The rules have changed
WCC job fair sees good turnout; job-seekers see new hiring trend
by Keith Beebe
SUGAR GROVE—The Waubonsee Community College (WCC) Spring Job/Internship Fair hasn’t seen a dip in employer participation the last few years despite an economy that continues to be stuck in first gear. In fact, there were approximately 75 employers that registered for this year’s event, which was held from 9:30 a.m. to 1 p.m. on April 7 in the college’s Academic and Professional Center.
However, there’s no doubt that the rules of the job fair game have changed for companies seeking employees.
“A lot of companies are now starting to go through staffing agencies, so we had quite a few staffing agencies (during the event),” said Teri Cullen, WCC career services manager. “Employers are doing that because they don’t have to pay severance and other things a regular employee (would receive).”
Cullen said a current practice is for companies like Aerotek to hire employees and place them in positions at a large company such as AT&T or General Electric.
“It’s the trend, because then (companies) can avoid the costs associated with laying people off,” she said.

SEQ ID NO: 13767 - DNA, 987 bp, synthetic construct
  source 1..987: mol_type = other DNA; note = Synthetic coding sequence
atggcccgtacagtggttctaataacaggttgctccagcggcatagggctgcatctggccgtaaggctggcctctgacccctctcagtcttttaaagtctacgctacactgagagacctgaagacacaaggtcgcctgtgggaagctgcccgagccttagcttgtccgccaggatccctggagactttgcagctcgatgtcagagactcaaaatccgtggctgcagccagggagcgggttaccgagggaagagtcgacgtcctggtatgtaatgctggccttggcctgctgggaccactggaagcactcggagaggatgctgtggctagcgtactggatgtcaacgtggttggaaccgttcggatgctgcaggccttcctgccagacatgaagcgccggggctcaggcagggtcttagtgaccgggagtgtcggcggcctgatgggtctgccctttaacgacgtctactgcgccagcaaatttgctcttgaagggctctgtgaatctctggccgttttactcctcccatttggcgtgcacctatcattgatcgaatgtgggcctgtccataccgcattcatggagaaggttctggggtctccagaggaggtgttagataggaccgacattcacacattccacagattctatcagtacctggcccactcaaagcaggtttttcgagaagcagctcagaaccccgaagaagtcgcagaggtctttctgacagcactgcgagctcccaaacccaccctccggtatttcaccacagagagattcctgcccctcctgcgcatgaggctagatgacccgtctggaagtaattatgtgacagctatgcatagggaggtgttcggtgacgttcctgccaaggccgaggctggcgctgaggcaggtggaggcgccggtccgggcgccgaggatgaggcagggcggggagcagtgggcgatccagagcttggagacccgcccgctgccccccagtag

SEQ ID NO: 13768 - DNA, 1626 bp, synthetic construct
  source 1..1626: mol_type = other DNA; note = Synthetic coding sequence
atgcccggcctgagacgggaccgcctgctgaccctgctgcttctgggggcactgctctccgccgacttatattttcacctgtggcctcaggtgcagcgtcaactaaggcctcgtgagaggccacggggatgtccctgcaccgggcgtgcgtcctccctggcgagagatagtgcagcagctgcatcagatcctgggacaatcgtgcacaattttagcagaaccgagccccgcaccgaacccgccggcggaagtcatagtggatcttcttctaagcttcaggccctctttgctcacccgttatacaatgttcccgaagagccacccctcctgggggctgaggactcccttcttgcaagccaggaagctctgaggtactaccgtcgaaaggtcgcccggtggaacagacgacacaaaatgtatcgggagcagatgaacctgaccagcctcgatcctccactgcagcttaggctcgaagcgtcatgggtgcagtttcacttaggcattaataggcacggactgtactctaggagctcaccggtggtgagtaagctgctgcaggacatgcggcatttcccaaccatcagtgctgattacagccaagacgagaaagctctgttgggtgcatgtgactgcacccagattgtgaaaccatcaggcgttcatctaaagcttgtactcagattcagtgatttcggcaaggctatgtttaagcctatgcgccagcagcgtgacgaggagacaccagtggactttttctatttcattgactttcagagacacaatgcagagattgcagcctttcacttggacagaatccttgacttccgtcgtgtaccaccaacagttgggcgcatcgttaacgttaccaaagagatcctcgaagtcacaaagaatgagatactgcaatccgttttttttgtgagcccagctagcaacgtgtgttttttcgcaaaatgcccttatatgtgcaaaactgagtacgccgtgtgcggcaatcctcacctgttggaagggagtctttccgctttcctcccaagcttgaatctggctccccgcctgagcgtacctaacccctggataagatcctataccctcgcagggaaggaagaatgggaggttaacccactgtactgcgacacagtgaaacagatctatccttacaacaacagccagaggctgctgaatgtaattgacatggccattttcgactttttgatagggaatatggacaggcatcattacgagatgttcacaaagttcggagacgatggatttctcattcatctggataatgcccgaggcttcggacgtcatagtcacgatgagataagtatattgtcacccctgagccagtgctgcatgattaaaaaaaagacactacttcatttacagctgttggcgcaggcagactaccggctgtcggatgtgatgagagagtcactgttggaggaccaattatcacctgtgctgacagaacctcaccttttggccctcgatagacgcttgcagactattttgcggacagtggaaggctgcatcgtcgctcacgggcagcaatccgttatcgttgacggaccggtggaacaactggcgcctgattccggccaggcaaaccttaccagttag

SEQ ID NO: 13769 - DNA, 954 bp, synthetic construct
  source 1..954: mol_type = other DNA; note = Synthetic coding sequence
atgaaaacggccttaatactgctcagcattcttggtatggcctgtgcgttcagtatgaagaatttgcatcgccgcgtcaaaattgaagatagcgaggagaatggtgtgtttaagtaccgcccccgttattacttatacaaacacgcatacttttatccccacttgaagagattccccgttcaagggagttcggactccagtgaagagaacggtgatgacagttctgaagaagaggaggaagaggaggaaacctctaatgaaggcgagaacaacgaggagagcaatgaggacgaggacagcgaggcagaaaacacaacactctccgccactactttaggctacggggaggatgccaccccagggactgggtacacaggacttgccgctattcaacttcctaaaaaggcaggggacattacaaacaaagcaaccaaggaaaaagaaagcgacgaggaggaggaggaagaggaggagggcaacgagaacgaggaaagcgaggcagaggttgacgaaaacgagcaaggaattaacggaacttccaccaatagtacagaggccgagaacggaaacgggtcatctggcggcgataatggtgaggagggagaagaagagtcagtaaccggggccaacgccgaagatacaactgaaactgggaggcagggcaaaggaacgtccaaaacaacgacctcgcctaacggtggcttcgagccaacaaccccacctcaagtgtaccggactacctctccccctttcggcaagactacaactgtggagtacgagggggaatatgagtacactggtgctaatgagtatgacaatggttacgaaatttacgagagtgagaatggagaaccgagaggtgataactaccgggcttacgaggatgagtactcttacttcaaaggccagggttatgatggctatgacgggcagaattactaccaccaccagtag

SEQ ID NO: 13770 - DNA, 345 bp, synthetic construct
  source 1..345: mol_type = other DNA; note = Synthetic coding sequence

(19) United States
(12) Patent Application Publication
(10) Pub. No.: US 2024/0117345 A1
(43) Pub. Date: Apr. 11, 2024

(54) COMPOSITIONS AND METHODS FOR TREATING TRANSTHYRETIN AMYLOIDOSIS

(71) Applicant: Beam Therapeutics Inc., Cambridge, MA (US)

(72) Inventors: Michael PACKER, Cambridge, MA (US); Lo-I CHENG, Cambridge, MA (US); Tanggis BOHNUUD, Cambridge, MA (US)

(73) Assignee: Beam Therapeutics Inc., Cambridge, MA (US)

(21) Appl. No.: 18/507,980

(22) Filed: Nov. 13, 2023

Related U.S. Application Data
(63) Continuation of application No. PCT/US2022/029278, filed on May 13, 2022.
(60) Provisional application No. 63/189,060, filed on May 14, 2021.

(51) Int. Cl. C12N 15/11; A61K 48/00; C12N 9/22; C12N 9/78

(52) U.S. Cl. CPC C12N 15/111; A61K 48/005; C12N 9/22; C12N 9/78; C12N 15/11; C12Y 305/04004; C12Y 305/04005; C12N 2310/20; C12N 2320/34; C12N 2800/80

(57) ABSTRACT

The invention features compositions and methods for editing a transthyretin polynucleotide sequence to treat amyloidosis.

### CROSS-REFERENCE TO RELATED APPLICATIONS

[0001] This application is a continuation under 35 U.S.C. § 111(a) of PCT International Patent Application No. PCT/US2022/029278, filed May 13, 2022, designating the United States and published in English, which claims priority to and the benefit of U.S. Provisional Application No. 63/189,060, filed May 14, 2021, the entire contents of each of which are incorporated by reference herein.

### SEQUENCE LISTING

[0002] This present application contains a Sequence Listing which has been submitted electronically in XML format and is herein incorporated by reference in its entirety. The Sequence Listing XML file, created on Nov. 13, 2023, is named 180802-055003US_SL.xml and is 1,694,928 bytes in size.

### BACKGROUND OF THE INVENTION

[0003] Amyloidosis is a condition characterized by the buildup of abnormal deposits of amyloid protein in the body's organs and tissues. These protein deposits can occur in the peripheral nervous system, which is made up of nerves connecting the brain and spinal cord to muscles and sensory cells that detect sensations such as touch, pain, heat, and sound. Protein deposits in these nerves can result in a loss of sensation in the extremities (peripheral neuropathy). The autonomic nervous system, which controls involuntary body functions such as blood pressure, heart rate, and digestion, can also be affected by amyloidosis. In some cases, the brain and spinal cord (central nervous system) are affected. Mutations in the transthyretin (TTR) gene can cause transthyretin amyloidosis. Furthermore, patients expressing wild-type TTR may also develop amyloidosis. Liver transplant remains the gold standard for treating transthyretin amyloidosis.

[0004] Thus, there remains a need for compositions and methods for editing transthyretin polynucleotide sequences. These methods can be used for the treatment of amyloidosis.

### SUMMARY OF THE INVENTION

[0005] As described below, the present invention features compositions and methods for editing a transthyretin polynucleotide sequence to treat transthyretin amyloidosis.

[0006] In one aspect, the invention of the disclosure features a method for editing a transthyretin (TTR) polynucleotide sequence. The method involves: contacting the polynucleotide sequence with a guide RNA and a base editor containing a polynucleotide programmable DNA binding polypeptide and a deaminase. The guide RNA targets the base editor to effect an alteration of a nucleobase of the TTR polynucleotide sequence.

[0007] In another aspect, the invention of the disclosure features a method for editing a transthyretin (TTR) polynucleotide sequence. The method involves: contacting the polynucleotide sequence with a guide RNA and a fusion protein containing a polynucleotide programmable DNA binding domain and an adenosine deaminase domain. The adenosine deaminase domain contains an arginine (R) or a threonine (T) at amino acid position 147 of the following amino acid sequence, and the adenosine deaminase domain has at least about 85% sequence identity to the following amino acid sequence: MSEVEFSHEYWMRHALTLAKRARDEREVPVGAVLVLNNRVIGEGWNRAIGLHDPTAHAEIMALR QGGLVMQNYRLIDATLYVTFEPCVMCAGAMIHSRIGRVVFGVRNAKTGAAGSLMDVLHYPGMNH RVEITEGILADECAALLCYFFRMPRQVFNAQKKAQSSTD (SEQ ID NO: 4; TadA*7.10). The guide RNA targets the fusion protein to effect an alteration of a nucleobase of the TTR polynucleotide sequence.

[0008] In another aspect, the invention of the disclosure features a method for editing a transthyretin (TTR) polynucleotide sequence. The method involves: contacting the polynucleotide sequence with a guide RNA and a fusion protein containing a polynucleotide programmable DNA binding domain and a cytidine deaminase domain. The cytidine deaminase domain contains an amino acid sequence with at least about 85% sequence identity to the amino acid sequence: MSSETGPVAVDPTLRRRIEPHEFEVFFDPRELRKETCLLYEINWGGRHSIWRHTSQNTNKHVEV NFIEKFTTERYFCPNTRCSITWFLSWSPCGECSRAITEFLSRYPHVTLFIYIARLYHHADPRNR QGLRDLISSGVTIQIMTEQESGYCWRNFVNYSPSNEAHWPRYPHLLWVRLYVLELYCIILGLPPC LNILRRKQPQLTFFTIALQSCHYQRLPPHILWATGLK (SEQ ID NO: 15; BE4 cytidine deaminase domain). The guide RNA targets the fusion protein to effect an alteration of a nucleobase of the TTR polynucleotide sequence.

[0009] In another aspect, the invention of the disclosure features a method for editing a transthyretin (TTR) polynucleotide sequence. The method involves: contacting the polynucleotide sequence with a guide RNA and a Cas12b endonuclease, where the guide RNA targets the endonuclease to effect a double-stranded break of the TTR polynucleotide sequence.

This lack of long-term commitment from employers may be discouraging, but it wasn’t enough to deter more than 800 people from attending the Job/Internship Fair last Thursday. And several big-name companies received a considerable amount of attention during the event, including Caterpillar Inc., Dreyer Medical Group, Diamond Envelope Corporation, Meijer and Kish Health System.
Cullen said the job fair had a very good overall representation of occupational areas.
“We didn’t have a hard time getting employers to sign up and participate this year,” she said. “We didn’t have a lot of banking or a lot of health care; we had just a little bit of everything.”
WCC has a requirement that any employers participating in the Spring Job/Internship Fair must have available positions. If the available position is part commission, then the college asks that an actual salary be associated with the position.
The steady stream of job seekers during the job fair actually led many employers to stay for the duration of the event-something that doesn’t always happen. Some employers were in the event room 15 minutes after the fair ended.
“We’re not happy when employers leave early, so we were very, very happy about most of them (staying through the whole event),” Cullen said. “We had a few employers who didn’t show, but that’s always to be expected.”
With employer turnout remaining steady, the question becomes, what can WCC do to lure more big-name companies to the job fair, and which of those companies are they targeting?
“We always like to have some big-name employers-the AT&Ts, the Amocos, Nicor-so we’ll continue to work on that, but right now we’re just happy to provide our community members and our job seekers with 75 employers that they can meet face-to-face with and possibly end up with a job,” Cullen said.”